Hegarty’s artwork is a little disorienting at first. When approaching her pieces, they first appears to be extremely damaged historical artifacts that have been overtaken by nature or natural disaster. Upon closer inspection, we can see that this “damage” is Hegarty’s expert ability to create the look of singed canvas, waterlogged wood, or overgrown foliage.
New Yorkers could see an example of her style of depicting branches growing through a canvas, with her piece “Autumn on the Hudson Valley with Branches,” that hangs outside on a fence on the High Line Park. Set within the lush backdrop of the High Line, the branches emerging through the shredded canvas seems like a beautiful accident, harmonizing with the park.
Hegarty’s new pieces continue this process using recycled materials. Entitled “West Rock with Branches,” a large landscape painting greets visitors as they enter her studio. As if to return to the Earth, the frame of the painting morph seamlessly into twisted tree branches that coil around each other below the painting, as if the landscape were a living, growing being.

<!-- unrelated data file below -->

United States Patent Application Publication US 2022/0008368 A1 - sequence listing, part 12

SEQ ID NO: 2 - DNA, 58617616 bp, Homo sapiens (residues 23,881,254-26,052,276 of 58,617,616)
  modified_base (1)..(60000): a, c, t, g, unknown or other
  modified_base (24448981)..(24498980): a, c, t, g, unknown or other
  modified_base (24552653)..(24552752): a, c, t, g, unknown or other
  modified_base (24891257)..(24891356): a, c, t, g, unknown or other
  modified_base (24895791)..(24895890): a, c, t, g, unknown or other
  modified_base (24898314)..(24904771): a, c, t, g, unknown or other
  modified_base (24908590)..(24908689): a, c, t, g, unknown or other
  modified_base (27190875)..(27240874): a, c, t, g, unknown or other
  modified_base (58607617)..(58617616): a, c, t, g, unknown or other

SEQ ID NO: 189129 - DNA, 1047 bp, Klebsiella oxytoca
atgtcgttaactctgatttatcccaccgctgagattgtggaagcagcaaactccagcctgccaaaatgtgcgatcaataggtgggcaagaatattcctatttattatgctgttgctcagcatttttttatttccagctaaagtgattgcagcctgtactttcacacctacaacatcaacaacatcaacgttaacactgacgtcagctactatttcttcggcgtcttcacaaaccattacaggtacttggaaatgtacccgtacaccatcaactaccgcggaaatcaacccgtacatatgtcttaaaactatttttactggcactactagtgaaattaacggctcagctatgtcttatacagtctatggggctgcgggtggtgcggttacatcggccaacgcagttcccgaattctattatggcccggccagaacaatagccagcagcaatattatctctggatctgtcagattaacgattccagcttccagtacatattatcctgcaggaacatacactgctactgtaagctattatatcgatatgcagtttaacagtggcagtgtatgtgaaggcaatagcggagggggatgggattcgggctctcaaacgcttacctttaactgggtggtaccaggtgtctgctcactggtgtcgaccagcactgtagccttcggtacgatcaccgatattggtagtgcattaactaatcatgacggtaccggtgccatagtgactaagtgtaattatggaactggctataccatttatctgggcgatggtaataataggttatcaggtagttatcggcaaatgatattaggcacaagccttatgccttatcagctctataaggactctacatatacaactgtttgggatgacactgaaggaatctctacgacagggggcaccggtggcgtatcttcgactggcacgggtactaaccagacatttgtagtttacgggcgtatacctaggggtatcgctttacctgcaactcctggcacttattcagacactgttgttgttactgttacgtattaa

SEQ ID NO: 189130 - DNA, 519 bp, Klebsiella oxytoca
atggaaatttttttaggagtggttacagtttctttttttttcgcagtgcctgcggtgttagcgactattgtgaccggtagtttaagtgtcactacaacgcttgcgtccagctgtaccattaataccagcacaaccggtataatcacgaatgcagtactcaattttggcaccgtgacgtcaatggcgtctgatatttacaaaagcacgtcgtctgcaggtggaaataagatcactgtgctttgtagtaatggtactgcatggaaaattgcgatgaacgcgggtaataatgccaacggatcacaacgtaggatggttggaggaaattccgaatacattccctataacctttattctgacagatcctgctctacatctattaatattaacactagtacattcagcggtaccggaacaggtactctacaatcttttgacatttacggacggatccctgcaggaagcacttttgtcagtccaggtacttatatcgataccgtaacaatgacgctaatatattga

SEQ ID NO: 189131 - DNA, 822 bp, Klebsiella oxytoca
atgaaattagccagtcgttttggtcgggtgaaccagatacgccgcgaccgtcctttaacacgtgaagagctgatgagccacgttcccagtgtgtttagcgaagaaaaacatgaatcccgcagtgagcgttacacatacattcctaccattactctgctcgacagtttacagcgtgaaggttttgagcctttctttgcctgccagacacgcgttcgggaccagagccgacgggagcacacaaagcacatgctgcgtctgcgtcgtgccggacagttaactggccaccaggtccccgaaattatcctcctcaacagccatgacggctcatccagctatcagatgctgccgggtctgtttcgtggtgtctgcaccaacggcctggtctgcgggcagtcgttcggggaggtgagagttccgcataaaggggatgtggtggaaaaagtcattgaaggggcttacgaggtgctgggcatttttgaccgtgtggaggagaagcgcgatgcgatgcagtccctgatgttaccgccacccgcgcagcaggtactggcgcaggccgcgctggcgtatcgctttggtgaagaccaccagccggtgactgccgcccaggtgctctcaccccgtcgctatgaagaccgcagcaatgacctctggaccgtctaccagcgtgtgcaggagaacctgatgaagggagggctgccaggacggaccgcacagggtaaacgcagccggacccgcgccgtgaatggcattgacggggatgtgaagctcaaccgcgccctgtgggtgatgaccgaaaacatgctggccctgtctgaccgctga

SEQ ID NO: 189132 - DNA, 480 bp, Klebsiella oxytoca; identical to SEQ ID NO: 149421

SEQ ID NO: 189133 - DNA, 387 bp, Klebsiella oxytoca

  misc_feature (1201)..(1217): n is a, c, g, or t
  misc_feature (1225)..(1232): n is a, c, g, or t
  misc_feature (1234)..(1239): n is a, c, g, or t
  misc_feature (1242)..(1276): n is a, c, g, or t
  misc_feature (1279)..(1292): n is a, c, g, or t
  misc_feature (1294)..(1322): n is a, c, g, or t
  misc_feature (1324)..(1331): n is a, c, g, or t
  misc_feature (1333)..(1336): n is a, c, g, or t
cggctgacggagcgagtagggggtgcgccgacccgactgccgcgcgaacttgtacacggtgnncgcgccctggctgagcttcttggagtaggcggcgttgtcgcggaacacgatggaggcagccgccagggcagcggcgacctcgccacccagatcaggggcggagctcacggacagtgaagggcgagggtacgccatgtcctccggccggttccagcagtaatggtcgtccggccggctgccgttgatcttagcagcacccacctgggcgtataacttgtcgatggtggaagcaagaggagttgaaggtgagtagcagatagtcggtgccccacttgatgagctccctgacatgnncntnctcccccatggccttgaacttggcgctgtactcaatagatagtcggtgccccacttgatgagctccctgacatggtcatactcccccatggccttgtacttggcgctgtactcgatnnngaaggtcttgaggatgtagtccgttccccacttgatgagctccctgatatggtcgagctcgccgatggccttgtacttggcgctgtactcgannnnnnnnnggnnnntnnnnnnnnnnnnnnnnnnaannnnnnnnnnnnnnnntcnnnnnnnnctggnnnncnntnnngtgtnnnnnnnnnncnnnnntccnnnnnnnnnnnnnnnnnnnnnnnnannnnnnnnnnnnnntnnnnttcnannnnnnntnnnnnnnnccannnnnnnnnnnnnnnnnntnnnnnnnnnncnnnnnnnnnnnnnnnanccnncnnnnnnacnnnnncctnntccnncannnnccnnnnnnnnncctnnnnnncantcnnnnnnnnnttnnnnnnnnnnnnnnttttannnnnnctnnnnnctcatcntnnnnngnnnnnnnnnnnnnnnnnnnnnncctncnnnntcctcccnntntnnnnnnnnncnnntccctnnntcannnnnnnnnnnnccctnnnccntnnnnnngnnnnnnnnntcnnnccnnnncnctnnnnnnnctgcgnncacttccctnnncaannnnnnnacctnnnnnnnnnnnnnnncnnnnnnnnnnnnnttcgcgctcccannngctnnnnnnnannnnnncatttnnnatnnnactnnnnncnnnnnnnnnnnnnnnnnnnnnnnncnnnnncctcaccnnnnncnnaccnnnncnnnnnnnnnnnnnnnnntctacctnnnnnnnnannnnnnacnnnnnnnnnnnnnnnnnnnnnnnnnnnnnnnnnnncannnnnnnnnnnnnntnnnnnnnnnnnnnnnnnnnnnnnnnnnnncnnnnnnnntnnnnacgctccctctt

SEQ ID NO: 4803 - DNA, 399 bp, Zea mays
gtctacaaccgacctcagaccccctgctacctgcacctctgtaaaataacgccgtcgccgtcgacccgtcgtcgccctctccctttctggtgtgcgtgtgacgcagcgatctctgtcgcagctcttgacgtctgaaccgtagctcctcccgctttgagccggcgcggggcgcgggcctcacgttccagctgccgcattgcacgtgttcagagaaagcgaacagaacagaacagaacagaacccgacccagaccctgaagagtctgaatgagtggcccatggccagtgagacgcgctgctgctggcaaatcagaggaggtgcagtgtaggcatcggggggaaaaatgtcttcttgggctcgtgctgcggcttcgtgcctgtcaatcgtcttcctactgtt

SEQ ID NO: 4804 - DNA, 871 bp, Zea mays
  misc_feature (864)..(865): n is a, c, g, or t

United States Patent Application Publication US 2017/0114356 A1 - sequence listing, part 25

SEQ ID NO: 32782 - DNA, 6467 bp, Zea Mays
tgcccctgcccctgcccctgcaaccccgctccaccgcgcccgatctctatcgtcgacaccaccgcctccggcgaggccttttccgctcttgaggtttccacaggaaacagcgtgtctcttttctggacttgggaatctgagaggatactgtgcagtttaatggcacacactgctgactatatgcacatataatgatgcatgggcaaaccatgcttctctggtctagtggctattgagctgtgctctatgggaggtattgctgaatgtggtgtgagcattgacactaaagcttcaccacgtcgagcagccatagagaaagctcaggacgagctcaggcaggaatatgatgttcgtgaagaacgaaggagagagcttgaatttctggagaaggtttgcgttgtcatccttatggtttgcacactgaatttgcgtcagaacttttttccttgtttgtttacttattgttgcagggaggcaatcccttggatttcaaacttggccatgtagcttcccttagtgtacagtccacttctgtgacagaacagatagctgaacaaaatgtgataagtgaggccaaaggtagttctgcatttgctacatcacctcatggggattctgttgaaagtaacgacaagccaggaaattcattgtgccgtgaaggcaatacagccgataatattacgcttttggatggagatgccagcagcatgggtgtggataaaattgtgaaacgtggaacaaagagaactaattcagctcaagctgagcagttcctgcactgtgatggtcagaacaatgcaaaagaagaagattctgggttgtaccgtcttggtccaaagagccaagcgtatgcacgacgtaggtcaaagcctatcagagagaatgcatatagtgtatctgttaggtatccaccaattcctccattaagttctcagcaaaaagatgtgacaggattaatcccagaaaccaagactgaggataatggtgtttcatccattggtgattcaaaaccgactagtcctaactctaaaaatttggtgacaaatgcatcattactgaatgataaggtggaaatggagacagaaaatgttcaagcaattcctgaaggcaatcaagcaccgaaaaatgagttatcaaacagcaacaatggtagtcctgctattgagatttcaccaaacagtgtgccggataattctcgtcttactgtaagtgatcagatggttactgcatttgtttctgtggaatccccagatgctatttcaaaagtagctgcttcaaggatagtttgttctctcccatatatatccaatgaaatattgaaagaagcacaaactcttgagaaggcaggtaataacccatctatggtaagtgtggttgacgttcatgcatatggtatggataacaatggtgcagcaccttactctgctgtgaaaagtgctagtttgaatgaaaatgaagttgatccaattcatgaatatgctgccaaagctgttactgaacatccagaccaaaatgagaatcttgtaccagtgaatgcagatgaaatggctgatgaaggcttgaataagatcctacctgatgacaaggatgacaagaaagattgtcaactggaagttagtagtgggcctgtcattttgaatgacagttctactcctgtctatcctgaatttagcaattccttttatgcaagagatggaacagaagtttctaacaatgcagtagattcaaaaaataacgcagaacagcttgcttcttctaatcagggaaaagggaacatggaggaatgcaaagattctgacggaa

Two of her new pieces have a nautical theme, using techniques to emulate water damage. The frame of a painting of big sailed ships deteriorates before our eyes, the painting slashed much like the damage sails endure on the high seas. More impressively, the artist has transformed a massive used wooden wardrobe into a detailed relic that appears to have spent many years on the ocean’s floor. Faux barnacles and decay adorn the piece, enlivening our imaginations of the decadent ship that once held the armoire.
In the center of the room is perhaps the most striking piece, comprised of a painting hung over a vintage coffee table. As if caught in a massive, melting fire, the painting is singed almost in two, dripping onto the table below which has also been split and melted. The piece is at once powerful, but also inspires an incredible possibility of narratives.
Valerie Hegarty has the fantastical ability to create artistic beauty in the form of decay. Her unique works are gorgeous, but also evoke history, tragedy, and wonder, leaving the viewer with much to ponder. Hegarty’s work is currently on view at Marlborough Gallery in Chelsea through May 5, 2012.
Images ©Lori Zimmer for Inhabitat